Cross-compiling (other x86-32)
CAL is a very stand-alone sort of program, so producing a cross-compiler is as simple as it can be. Modify the compiler to output the required format, compile this with an unmodified CAL, and you have a cross-compiler. The standard library (called the noodle) is compiled with every program, so there are no complexities in modifying or even recreating it for your target. (Maintaining a consistent version of it is trickier.)
Re-targeting the compiler and standard library requires producing some machine code in hexadecimal form. This is more likely to be long than complex as few x86-32 instructions are used, only 52 if I (eekee) remember right. The machine code in the standard library exists primarily for optimization. (The longest hexadecimal string in the source is not code, but a TrueType font.)
A 64-bit architecture would be desirable to use more than 2GB memory. Yes, that's 2GB not 4; CAL doesn't do unsigned numbers.
CAL looks like an OS with its own design and interface standards. Internally, it wraps Windows calls to present neat, simple interfaces for files, images, vector graphics, GUI, and HTTP. This all suggests porting it to "bare metal" to make it an OS. How much work would be required? Is it a desirable goal? This section attempts to answer these questions.
Numbers FIXME: signed integers only, no floats, ratios, smaller integers available, characters are bytes.
Memory allocation evidently incorporates some clever ideas such as storing strings in their own region. How much complexity is required from the underlying OS and libraries is TBD.
Execution Model is perhaps the toughest point. CAL is a single-tasking executable which runs as a single task with a single memory space. Not very OS-like! On the other hand, when you switch tabs or open something from the finder, it appears to switch programs instantaneously. This design seems suitable for a limited-purpose system, but many OS developers will want to add program loading and other features.
CAL is capable of rendering images but draws everything of its own with vector graphics. It relies on Windows library calls to render these vectors. It also has drawing routines which are essentially turtle graphics, but only straight lines are implemented well.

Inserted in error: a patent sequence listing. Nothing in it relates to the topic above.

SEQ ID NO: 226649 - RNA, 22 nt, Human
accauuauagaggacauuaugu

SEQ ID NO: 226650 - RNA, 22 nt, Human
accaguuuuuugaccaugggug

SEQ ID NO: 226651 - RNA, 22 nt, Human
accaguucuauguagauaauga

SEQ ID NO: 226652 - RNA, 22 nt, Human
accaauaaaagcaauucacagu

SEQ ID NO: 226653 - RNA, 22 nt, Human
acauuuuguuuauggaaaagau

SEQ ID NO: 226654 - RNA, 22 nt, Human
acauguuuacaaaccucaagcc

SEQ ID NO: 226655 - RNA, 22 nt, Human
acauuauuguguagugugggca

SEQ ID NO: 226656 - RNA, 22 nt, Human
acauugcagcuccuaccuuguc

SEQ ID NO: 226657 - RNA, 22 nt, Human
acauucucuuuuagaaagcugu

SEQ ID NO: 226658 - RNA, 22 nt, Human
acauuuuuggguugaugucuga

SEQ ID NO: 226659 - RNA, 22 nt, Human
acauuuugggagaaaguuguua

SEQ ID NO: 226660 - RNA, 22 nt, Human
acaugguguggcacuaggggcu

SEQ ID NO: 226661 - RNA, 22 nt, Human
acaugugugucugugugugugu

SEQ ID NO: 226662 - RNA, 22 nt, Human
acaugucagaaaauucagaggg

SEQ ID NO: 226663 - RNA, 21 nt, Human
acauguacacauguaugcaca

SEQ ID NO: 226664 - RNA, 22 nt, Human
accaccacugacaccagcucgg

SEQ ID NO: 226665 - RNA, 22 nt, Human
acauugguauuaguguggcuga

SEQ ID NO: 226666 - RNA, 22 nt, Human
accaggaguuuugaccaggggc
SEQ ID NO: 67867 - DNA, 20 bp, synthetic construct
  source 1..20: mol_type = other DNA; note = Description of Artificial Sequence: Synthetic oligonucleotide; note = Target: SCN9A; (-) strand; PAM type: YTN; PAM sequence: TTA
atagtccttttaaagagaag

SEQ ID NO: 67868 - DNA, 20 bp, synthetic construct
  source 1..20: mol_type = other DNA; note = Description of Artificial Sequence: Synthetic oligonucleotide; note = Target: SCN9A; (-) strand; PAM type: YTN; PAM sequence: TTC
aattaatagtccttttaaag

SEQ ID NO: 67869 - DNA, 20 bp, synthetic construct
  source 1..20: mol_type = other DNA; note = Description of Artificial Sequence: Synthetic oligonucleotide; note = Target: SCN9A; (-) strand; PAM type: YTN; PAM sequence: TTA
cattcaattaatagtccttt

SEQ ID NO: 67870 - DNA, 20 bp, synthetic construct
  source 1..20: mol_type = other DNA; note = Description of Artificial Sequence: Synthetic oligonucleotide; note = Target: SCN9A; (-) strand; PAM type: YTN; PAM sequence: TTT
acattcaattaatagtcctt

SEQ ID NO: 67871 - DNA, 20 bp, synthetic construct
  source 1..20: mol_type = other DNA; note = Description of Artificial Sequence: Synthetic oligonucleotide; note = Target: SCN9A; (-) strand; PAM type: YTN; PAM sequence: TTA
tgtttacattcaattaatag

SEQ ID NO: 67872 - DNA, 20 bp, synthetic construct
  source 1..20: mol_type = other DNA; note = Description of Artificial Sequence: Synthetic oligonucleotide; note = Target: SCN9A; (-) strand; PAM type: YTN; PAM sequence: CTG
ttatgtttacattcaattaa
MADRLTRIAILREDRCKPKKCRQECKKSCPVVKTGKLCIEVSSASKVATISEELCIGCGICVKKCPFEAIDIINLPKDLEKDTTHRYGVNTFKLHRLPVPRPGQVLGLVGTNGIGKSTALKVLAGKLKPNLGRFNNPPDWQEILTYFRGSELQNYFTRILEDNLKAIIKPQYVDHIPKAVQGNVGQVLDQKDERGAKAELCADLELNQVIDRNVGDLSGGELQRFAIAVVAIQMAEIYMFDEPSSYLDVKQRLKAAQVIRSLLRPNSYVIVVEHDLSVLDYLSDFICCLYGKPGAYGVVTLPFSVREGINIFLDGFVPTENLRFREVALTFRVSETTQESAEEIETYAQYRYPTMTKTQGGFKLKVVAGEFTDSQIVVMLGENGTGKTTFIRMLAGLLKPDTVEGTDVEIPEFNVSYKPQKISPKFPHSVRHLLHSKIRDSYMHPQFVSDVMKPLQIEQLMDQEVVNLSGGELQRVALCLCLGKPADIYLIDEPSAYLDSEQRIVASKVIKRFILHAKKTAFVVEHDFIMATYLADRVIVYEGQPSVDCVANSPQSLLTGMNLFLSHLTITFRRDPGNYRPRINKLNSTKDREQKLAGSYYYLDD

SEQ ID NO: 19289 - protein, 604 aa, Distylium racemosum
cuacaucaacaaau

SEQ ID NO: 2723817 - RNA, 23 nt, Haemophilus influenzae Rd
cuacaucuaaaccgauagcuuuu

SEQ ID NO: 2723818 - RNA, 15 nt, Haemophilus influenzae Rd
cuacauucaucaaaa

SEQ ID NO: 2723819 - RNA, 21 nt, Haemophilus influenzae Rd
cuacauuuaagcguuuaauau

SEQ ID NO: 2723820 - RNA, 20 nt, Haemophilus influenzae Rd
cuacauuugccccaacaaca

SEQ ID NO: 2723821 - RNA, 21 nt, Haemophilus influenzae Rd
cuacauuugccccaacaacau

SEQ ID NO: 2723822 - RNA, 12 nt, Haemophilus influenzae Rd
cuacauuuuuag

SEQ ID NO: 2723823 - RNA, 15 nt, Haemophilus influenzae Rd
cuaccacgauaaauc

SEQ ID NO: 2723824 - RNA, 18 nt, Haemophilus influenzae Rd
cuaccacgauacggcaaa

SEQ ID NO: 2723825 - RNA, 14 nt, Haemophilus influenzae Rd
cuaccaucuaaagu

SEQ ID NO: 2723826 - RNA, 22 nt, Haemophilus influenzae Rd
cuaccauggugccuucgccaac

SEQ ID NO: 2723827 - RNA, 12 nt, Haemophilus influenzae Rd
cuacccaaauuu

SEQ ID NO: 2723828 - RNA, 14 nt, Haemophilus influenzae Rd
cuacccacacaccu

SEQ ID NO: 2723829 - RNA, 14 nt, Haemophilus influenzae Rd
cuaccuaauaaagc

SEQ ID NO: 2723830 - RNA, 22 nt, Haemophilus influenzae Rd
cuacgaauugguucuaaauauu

The coordinate system works entirely with integers. The basic unit is the "twip" which is 1/20th of a printer's point. Inches and other units are converted to twips, which in turn are multiplied by a number derived from the PPI (pixels per inch) setting to produce pixel coordinates. Rotation may be specified in degrees or fractions of a circle.
Font rendering deserves special mention. As supplied, CAL depends on Windows libraries for rendering fonts, even the one bundled in to the binary. However, it has routines for drawing all 96 ASCII characters with its own turtle graphics routines. It's a simple old-school plotter font. Do note that it is possible (but not very likely at all) they will need fixing because the compiler doesn't fully syntax-check routines if it can't find a code path to them.
- osmosian.comVery little content, just a semi-humorous slideshow and a link to the manifesto. (This server also hosts downloads.)
- The Osmosian Order's blog -- eekee recommends this as an introduction, but note some of the example code is a little too out of date to compile, or perhaps omits some routines. You'll need to write some code.
- Download - search the blog to get the latest link.
- Folds/english on Github
- Instructions (PDF) - a little out of date. There's a newer one included in the download, but it's in CAL's native document format. (It can be exported as PDF.)
People and OSs using PEP
- eekee says, "I'm very happy to find a language which circumvents my problems with jargon and symbols. I can just read CAL's code without getting confused. I'm also happy with its simplicity and extensibility."